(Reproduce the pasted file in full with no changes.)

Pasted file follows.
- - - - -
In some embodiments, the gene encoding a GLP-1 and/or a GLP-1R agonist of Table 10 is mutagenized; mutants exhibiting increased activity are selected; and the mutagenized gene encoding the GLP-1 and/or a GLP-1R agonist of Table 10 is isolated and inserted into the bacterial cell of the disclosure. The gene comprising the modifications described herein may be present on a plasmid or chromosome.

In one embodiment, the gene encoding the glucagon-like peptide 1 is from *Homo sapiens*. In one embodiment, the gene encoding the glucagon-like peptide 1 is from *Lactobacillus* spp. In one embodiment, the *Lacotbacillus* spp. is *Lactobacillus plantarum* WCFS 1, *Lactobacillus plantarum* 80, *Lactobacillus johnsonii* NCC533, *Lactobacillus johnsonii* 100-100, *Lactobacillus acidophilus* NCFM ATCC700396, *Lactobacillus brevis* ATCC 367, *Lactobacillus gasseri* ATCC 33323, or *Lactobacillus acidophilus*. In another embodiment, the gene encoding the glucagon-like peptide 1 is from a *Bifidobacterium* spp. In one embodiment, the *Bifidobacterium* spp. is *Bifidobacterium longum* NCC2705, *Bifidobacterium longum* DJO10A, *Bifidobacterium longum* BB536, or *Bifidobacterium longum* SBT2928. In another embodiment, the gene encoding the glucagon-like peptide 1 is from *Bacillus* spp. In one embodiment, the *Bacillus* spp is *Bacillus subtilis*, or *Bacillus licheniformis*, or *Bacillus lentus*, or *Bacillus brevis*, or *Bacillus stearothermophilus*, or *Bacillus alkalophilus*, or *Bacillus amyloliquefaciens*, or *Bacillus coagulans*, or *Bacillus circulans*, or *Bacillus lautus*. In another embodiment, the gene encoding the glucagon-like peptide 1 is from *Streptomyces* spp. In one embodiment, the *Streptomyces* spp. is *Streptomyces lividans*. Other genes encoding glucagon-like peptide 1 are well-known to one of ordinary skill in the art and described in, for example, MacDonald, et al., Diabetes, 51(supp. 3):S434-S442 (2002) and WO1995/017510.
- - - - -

In some embodiments, the gene encoding a GLP-1 and/or a GLP-1R agonist of Table 10 is mutagenized; mutants exhibiting increased activity are selected; and the mutagenized gene encoding the GLP-1 and/or a GLP-1R agonist of Table 10 is isolated and inserted into the bacterial cell of the disclosure. The gene comprising the modifications described herein may be present on a plasmid or chromosome.

In one embodiment, the gene encoding the glucagon-like peptide 1 is from *Homo sapiens*. In one embodiment, the gene encoding the glucagon-like peptide 1 is from *Lactobacillus* spp. In one embodiment, the *Lacotbacillus* spp. is *Lactobacillus plantarum* WCFS 1, *Lactobacillus plantarum* 80, *Lactobacillus johnsonii* NCC533, *Lactobacillus johnsonii* 100-100, *Lactobacillus acidophilus* NCFM ATCC700396, *Lactobacillus brevis* ATCC 367, *Lactobacillus gasseri* ATCC 33323, or *Lactobacillus acidophilus*. In another embodiment, the gene encoding the glucagon-like peptide 1 is from a *Bifidobacterium* spp. In one embodiment, the *Bifidobacterium* spp. is *Bifidobacterium longum* NCC2705, *Bifidobacterium longum* DJO10A, *Bifidobacterium longum* BB536, or *Bifidobacterium longum* SBT2928. In another embodiment, the gene encoding the glucagon-like peptide 1 is from *Bacillus* spp. In one embodiment, the *Bacillus* spp is *Bacillus subtilis*, or *Bacillus licheniformis*, or *Bacillus lentus*, or *Bacillus brevis*, or *Bacillus stearothermophilus*, or *Bacillus alkalophilus*, or *Bacillus amyloliquefaciens*, or *Bacillus coagulans*, or *Bacillus circulans*, or *Bacillus lautus*. In another embodiment, the gene encoding the glucagon-like peptide 1 is from *Streptomyces* spp. In one embodiment, the *Streptomyces* spp. is *Streptomyces lividans*. Other genes encoding glucagon-like peptide 1 are well-known to one of ordinary skill in the art and described in, for example, MacDonald, et al., Diabetes, 51(supp. 3):S434-S442 (2002) and WO1995/017510.